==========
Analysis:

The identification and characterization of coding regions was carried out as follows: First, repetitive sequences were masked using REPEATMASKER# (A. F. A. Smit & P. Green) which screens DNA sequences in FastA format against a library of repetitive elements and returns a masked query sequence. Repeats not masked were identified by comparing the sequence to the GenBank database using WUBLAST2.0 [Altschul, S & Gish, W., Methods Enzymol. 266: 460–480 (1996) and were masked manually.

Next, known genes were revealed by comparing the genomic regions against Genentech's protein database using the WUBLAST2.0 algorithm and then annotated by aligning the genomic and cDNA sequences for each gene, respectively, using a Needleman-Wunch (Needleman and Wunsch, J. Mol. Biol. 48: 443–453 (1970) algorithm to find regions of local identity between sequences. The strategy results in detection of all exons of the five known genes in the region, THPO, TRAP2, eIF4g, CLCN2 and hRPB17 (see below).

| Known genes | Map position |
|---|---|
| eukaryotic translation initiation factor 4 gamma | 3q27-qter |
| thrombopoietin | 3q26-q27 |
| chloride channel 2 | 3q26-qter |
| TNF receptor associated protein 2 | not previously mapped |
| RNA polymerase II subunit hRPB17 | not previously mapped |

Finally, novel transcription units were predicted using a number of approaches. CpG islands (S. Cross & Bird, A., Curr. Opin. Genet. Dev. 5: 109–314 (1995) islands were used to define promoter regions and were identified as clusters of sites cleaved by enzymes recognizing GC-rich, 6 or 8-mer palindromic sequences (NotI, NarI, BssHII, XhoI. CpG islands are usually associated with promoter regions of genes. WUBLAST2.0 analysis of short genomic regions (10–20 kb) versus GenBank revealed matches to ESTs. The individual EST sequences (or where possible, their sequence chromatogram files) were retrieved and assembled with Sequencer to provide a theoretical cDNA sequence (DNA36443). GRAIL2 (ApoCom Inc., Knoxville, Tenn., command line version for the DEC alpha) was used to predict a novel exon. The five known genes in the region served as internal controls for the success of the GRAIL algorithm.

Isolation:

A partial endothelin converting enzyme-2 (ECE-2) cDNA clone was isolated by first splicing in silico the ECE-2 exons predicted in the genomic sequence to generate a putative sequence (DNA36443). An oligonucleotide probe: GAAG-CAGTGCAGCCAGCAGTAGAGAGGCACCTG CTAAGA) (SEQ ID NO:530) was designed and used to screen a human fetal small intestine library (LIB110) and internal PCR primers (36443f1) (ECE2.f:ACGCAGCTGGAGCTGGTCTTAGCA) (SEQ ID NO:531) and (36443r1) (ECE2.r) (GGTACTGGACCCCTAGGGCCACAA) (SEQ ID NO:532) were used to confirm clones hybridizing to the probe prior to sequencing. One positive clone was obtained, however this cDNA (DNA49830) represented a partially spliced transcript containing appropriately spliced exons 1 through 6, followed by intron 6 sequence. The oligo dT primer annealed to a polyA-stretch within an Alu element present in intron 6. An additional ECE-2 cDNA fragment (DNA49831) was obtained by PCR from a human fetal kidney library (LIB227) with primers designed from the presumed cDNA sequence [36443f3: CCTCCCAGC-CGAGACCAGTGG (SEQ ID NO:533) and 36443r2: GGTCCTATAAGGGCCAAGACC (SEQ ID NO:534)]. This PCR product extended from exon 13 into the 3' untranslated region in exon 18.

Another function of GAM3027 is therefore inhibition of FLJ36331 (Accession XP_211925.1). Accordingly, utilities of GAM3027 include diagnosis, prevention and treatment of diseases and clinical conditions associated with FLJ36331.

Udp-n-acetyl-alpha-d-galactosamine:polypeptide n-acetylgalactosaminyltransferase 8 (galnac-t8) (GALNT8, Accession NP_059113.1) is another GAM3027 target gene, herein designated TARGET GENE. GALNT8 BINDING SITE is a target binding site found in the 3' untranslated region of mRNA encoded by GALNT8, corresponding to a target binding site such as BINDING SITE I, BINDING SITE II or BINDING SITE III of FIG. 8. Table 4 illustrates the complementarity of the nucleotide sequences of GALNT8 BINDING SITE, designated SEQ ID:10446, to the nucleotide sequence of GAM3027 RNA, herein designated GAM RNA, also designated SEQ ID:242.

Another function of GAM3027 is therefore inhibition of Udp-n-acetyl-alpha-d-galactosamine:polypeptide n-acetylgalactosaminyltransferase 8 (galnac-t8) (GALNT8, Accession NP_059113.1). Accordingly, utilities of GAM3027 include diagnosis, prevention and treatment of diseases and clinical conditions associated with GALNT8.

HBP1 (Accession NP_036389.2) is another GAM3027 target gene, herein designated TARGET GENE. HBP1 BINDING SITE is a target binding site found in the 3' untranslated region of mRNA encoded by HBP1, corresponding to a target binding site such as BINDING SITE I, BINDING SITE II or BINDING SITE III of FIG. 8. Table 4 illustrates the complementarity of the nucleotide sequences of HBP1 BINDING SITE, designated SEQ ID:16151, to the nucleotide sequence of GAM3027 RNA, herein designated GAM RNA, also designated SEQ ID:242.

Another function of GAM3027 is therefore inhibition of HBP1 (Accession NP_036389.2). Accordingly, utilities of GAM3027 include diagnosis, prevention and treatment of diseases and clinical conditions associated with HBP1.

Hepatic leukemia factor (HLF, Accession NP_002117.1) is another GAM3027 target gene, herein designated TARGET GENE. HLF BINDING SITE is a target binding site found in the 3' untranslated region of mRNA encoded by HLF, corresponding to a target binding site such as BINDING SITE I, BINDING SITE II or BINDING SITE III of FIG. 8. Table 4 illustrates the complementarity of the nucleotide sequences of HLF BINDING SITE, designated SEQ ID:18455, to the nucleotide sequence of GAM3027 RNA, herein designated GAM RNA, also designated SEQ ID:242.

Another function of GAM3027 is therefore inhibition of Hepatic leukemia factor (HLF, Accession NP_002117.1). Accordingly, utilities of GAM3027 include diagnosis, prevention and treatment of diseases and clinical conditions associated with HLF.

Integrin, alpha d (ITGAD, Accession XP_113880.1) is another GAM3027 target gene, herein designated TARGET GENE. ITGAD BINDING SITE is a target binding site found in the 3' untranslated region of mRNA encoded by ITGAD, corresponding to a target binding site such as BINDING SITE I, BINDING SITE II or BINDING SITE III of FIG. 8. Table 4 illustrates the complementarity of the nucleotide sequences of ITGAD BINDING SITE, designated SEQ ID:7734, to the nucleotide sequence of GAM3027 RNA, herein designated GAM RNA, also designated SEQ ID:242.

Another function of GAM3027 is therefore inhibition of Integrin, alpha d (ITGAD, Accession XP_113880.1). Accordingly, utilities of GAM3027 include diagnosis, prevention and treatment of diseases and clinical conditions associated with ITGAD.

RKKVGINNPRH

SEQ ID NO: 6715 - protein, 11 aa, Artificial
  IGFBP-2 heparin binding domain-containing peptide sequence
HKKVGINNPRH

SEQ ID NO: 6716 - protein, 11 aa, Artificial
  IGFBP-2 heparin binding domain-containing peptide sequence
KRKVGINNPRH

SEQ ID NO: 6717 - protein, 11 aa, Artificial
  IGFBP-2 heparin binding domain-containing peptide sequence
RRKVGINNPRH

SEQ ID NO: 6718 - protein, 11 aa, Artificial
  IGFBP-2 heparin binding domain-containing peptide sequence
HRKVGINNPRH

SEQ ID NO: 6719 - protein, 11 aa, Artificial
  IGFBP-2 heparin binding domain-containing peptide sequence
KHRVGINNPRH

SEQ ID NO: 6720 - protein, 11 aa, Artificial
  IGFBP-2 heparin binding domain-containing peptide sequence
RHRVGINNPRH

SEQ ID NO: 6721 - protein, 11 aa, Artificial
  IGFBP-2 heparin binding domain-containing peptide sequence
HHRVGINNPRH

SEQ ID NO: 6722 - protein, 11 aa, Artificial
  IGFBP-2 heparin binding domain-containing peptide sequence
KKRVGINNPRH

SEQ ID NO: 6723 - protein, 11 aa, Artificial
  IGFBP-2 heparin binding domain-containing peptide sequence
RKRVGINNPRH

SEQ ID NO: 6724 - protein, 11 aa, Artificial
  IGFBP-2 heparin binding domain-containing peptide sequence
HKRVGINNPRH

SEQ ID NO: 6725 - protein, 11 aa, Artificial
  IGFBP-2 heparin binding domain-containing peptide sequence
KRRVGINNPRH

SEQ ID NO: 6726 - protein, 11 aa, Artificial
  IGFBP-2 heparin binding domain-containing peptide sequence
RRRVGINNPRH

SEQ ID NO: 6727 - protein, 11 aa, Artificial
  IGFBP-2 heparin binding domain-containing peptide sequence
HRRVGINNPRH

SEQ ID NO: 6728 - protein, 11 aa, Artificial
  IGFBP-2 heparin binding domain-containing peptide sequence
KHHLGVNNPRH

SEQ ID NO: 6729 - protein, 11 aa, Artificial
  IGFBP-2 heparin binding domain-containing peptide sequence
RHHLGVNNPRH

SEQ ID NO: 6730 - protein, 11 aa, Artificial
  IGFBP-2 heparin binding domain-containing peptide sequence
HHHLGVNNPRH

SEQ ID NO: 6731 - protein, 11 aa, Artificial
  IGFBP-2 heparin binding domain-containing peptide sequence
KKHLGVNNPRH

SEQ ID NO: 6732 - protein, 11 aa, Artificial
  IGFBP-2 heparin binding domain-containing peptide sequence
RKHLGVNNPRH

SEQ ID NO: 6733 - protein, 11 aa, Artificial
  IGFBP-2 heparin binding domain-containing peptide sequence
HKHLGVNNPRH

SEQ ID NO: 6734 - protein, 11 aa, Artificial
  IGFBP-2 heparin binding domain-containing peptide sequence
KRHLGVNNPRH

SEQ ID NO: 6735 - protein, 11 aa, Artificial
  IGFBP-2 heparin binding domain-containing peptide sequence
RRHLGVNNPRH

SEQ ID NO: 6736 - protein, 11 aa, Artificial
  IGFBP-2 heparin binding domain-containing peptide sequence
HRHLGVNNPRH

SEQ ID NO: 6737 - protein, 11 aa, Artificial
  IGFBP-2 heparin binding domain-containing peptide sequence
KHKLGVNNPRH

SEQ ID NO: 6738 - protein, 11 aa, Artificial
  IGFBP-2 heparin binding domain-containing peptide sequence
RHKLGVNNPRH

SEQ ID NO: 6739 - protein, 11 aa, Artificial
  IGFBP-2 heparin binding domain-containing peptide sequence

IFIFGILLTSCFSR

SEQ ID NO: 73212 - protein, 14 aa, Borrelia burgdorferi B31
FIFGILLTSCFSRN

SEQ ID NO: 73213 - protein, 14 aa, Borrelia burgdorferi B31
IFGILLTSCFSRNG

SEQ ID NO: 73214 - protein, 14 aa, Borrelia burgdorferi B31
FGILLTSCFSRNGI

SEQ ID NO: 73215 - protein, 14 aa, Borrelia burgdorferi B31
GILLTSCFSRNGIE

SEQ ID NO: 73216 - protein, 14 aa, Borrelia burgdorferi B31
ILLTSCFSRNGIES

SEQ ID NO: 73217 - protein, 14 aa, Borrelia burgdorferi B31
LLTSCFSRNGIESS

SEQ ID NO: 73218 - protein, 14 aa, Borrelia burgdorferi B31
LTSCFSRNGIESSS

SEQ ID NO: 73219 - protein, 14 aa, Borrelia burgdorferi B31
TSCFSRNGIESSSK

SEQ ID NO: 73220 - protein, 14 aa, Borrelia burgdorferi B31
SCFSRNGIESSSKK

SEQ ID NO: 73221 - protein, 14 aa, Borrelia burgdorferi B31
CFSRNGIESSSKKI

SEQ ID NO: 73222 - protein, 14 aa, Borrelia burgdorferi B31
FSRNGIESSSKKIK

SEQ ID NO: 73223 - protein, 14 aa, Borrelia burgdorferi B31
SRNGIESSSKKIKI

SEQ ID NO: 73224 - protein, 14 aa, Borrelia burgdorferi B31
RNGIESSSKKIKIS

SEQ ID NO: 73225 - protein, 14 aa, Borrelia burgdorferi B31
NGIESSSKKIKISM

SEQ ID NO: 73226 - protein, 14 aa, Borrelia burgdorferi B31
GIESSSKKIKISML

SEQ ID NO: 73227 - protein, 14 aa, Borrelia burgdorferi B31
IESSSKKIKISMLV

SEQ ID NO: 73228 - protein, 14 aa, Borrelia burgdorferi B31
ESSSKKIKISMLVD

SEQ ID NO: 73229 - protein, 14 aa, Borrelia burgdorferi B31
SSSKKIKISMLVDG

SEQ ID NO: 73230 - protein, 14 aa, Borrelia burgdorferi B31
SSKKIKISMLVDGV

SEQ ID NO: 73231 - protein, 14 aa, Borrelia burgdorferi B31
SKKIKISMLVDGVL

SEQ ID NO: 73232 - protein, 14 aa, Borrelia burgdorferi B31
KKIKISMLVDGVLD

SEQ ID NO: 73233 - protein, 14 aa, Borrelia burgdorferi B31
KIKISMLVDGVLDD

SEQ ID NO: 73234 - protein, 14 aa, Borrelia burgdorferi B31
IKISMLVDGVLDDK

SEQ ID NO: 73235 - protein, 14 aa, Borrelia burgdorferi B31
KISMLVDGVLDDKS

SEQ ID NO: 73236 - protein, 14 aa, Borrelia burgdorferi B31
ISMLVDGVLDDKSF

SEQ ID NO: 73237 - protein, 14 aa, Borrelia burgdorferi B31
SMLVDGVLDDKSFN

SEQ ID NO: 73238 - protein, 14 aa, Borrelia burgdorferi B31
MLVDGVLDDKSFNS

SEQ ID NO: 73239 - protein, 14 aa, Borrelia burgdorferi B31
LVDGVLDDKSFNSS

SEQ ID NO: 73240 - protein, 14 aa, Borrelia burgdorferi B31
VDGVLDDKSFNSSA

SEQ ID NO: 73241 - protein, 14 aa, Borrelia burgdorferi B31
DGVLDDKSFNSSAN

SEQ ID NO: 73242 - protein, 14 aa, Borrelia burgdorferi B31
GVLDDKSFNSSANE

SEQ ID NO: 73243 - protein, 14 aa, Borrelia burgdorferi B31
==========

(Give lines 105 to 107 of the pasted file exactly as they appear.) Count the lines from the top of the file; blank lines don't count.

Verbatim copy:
SEQ ID NO: 73215 - protein, 14 aa, Borrelia burgdorferi B31
GILLTSCFSRNGIE

SEQ ID NO: 73216 - protein, 14 aa, Borrelia burgdorferi B31